Atriva Therapeutics: a quantum leap in antiviral respiratory therapies
Atriva Therapeutics is developing a unique portfolio of broadly active and efficacious antiviral drugs based on MEK inhibitors, including its lead candidate ATR-002, which may revolutionize the treatment of influenza and other severe respiratory viral infections.
In September 2019, the health watchdog the Global Preparedness Monitoring Board (GPMB) issued a first-of-its-kind warning that the world is severely unprepared for a fast-spreading pandemic. Seasonal influenza is already a serious global health threat: an estimated one billion people are infected every year, three to five million severely, with up to 650,000 dying from related respiratory complications, according to the World Health Organization.
Unfortunately, small-molecule antiviral treatments, such as the market leader Tamiflu (oseltamivir; a neuraminidase inhibitor) and Xofluza (baloxavir marboxil; an endonuclease inhibitor), must be administered soon after the onset of symptoms, typically within 48 hours. For both drugs, resistant virus strains are known, leaving the therapies partially useless. Moreover, both drugs are approved only for uncomplicated flu infections. With novel flu virus strains emerging every year, a pandemic looming and vaccines only partially effective, a safe and effica- cious influenza therapy that is also suitable for severe influenza and high-risk groups is urgently required.
Leading the therapeutic charge is Atriva, a biopharmaceutical company founded in 2015 by a team of virologists and industry experts. Located in Tübingen and Frankfurt, Germany, Atriva is pioneering the development of host-targeting antiviral therapies with a novel mode of action against respiratory viral infections, including influenza.
Instead of targeting a viral protein, Atriva’s approach interferes with the machinery inside human cells that the virus requires for reproduction. Propagation of influenza virus and other RNA viruses hinges on activation of the Raf/MEK/ERK signaling cascade inside human cells. Blocking MEK (MAPK/ERK kinase), a fundamental enzyme in that pathway, impedes the propagation process (Fig. 1). “Inhibiting MEK hinders the formation of functional new viral particles by pre- venting export of the viral RNA/protein complexes from the nucleus to the cytoplasm,” explained Oliver Planz, Atriva’s CSO. “This ultimately reduces the viral load in the body and allows the immune system to clear the initial infection.”
Fig. 1 | ATR-002 halts viral replication. ATR-002 functions by blocking MEK, which inhibits the formation of new viral particles by preventing the export of the viral RNA/protein complexes from the nucleus to the cytoplasm. This action reduces the overall viral load in the body, allowing the immune system to clear the initial infection.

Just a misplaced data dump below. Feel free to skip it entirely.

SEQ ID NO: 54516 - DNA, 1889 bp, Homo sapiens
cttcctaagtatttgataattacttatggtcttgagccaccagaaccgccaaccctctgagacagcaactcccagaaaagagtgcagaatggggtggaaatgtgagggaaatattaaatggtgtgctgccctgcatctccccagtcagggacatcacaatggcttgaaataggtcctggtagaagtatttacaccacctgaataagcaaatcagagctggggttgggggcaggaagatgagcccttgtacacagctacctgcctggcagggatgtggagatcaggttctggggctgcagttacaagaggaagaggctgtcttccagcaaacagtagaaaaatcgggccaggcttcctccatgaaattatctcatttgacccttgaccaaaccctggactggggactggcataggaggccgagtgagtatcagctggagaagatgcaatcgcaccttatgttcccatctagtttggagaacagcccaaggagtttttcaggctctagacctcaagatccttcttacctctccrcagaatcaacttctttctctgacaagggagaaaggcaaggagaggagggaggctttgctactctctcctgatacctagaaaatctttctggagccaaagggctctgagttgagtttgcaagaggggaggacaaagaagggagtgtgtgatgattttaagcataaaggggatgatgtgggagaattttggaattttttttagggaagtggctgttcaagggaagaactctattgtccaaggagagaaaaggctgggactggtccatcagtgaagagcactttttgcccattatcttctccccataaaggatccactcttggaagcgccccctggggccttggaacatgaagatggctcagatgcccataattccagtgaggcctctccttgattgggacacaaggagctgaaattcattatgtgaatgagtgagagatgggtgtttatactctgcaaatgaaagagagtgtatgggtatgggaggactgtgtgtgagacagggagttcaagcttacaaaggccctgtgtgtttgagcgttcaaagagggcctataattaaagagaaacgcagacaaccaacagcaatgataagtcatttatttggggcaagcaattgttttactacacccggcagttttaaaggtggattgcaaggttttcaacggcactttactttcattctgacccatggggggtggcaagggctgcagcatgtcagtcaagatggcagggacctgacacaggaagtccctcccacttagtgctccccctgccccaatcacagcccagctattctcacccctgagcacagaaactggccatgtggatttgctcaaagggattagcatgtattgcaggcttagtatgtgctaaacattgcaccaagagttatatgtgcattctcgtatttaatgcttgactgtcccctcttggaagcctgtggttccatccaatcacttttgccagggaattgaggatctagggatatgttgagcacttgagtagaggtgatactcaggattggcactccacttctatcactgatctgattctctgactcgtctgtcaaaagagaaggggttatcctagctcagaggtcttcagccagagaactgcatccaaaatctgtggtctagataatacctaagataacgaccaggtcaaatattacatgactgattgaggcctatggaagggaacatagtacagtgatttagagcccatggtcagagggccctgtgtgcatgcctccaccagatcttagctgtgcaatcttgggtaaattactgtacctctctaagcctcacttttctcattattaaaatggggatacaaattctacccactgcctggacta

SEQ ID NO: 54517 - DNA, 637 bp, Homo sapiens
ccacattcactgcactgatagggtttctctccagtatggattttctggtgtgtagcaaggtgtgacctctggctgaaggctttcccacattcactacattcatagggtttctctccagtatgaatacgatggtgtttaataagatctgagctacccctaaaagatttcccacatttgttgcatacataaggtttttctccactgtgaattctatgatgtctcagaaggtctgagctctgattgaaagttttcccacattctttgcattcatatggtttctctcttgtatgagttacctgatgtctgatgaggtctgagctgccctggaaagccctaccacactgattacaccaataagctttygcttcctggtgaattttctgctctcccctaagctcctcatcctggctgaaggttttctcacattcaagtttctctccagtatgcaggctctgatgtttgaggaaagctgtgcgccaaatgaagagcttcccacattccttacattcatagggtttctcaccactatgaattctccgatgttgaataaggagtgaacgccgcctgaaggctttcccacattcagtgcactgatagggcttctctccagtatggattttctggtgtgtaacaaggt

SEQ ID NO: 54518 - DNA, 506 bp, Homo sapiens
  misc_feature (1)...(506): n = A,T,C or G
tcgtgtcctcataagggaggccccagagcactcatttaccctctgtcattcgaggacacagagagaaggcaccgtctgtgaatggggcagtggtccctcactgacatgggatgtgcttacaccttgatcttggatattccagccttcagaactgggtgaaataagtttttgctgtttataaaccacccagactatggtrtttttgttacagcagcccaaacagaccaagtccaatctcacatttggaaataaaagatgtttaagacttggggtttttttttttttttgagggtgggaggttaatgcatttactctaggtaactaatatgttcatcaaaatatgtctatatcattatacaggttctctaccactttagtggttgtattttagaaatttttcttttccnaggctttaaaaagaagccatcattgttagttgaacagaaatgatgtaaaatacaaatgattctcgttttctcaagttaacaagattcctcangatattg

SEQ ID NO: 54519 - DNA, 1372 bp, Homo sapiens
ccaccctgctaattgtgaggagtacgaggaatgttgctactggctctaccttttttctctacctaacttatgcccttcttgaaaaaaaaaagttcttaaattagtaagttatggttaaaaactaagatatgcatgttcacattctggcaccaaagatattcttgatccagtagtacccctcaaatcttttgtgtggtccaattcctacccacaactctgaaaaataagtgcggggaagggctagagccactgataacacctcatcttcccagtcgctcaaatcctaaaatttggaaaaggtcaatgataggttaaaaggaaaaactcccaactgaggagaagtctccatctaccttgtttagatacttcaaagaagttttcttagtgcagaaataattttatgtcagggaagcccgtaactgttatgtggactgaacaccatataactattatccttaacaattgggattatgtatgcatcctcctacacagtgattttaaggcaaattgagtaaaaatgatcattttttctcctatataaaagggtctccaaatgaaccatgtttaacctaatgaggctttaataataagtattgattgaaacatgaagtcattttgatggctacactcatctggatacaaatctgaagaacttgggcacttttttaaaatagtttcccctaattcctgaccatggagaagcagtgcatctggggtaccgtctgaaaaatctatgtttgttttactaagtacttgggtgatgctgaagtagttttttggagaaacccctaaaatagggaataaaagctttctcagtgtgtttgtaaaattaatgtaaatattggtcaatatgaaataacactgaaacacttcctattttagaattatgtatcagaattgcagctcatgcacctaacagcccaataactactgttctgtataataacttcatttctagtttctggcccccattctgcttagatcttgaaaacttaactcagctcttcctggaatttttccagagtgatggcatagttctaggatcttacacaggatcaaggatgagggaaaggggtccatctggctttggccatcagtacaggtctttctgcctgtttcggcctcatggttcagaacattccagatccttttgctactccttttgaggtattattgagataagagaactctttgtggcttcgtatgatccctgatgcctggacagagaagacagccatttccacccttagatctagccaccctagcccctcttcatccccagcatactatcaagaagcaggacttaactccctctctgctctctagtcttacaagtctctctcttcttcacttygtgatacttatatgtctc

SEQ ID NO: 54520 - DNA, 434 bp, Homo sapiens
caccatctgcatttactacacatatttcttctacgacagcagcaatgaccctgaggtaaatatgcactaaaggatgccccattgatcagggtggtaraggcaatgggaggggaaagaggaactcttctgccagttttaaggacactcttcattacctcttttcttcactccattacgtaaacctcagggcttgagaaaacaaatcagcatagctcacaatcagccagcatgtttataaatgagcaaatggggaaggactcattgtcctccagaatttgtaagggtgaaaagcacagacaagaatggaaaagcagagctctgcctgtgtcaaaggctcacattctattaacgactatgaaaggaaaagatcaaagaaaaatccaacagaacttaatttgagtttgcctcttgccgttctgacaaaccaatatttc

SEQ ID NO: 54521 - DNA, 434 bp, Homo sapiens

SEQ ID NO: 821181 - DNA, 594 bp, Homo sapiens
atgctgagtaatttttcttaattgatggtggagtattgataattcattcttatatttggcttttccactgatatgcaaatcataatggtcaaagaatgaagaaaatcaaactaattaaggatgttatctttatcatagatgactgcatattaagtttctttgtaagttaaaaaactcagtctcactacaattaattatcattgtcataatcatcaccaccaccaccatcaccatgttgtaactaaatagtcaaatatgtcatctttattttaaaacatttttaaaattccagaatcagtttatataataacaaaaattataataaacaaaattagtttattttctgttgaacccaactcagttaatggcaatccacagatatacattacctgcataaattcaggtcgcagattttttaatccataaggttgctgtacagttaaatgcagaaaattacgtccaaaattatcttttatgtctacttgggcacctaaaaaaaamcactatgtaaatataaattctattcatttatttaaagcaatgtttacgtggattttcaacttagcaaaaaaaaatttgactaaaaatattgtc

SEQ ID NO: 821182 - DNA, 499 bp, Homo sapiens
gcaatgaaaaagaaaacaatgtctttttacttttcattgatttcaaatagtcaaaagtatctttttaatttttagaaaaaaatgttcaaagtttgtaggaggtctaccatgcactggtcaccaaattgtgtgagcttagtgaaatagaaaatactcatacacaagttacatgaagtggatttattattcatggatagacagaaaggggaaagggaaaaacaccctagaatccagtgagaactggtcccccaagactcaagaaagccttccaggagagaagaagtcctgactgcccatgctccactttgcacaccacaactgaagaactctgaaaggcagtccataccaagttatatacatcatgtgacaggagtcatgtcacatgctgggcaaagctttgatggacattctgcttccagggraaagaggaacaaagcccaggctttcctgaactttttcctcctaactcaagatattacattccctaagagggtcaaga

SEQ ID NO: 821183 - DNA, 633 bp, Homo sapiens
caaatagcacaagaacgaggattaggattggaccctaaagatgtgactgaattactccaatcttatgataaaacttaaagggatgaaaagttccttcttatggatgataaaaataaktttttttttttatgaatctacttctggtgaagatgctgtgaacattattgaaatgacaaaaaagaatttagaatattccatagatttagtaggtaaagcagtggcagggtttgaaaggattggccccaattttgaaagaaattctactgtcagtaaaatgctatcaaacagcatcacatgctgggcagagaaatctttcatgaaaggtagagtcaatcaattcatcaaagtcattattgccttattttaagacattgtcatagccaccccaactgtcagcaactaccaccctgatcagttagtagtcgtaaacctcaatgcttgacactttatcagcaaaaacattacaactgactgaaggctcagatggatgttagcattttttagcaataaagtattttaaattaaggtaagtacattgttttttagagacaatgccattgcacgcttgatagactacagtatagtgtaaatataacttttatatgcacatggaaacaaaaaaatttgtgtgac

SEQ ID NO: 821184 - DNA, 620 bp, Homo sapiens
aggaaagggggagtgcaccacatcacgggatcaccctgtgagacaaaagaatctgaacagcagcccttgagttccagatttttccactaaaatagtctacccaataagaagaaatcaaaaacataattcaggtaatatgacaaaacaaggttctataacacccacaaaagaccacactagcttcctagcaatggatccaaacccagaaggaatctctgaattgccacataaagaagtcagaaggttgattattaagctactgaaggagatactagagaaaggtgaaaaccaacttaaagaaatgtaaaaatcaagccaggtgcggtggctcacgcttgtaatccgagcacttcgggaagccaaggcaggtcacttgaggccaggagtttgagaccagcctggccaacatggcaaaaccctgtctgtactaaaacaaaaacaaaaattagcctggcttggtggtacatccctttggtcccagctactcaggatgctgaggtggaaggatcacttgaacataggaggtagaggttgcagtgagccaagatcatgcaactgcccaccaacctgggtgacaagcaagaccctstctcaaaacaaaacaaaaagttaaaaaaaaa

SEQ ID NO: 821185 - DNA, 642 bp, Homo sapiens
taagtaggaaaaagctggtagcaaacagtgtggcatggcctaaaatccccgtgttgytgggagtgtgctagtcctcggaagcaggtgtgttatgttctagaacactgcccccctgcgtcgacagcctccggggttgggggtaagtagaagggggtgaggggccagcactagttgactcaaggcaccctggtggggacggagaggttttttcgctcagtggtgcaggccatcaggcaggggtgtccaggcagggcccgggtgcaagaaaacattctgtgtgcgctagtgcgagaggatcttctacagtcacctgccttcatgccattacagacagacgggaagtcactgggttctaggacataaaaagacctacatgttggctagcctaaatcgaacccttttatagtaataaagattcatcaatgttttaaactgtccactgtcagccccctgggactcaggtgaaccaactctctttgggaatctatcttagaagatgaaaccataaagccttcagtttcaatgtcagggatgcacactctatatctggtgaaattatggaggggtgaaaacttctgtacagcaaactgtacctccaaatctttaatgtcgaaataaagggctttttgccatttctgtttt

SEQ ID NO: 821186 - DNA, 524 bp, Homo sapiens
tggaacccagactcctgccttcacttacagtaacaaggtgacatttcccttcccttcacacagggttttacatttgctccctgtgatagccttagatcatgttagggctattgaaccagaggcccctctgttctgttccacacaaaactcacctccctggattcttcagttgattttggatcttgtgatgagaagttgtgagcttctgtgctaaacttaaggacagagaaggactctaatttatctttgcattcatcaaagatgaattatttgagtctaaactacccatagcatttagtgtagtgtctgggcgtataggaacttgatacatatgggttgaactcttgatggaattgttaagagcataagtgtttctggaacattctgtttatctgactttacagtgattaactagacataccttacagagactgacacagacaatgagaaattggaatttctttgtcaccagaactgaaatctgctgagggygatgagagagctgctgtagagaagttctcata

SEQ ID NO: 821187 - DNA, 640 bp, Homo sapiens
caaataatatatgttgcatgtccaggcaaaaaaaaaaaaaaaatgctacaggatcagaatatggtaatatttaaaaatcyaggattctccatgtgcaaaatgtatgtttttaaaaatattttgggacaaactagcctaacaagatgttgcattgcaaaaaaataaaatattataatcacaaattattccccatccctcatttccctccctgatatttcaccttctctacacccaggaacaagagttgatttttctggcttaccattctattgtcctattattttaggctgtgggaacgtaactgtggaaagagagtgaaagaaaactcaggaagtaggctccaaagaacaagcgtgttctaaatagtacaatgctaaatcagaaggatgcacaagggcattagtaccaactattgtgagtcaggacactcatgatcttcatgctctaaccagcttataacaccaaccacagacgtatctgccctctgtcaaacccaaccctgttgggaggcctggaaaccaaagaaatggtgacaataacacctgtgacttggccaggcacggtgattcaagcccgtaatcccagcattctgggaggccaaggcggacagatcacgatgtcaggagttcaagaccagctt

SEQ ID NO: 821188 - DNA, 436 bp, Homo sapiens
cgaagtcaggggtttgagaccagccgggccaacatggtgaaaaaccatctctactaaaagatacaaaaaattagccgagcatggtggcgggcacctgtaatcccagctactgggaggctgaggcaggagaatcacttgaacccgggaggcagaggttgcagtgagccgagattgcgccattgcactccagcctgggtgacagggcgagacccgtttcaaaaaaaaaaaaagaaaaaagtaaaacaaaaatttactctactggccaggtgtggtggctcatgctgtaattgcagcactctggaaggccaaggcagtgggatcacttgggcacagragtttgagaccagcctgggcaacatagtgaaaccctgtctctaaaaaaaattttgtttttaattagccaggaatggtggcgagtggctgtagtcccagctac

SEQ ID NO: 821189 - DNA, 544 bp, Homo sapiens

ATR-002 shows clinical promise
Atriva’s lead product, ATR-002, a first-in-class orally administered MEK inhibitor, has been shown to be safe in doses up to 900 mg/day in a phase 1 safety and tolerability trial. Proof of concept has been demonstrated successfully in animal models. Preclinical and phase 1 data show that a once-daily oral dose of ATR-002 leads to rapid and relatively long-lasting
inhibition of the Raf/MEK/ERK replication pathway and much reduced virus particle production in the body. “A further significant advantage is the extended treatment window compared with standard-of-care therapies,” said Rainer Lichtenberger, Atriva’s CEO.
Moreover, because the virus cannot replace the inhibited human cellular function, there is a much lower risk that resistance will develop. “Furthermore, inhibition of the Raf/MEK/ERK cascade modulates the overwhelming excretion of cytokines and chemokines. Generally, the severity of influenza strongly correlates with the levels of cytokine and chemokine expression,” Planz added.
With influenza hospitalizations and deaths occur- ring mainly among high-risk groups such as the elderly and those who are chronically ill, but no other therapy approved specifically for these groups, ATR-002 is uniquely positioned to benefit patients at risk of developing serious complications.
New path—new indications
Atriva’s MEK inhibitor has broad efficacy against RNA viruses that require the Raf/MEK/ERK pathway to propagate—many of the viruses that cause severe and potentially life-threatening respiratory diseases, including respiratory syncytial virus and hantavirus.
Among the additional indications for ATR-002 in the company’s development pipeline is hantavirus infection. Hantaviruses are usually spread by rodents and can cause pulmonary problems, hemorrhagic fever and death. Because there is no effective therapy or vaccine, the use of hantavirus as a bioweapon is a potential threat. Having already demonstrated proof of concept, and with up to 60,000 cases of hantavirus syndromes per year in China and around 9,000 in Europe, the company plans to submit an application for US Orphan Drug Development by the end of 2019.
Atriva aims to expand its running Series A/B venture round to a total of €32 million (€6 million already sub- scribed via a convertible loan). Atriva is very actively pursuing applications for different formats of substantial non-dilutive funding, including the InnovFin scheme of the European Investment Bank, to extend its financial reach. In addition, Atriva strives to foster relations and future partnerships with globally and regionally acting pharmaceutical companies, with a special focus on Asia.
“Atriva’s MEK inhibitor addresses the urgent need for novel, broadly active and efficacious antiviral drugs,” said Lichtenberger. “With its unique advantages over existing therapies, our first-in-class inhibitor is set to revolutionize the treatment of influenza and other severe respiratory viral infections.”
Rainer Lichtenberger, President and CEO
Atriva Therapeutics GmbH
Tel: +49 7071 859 7673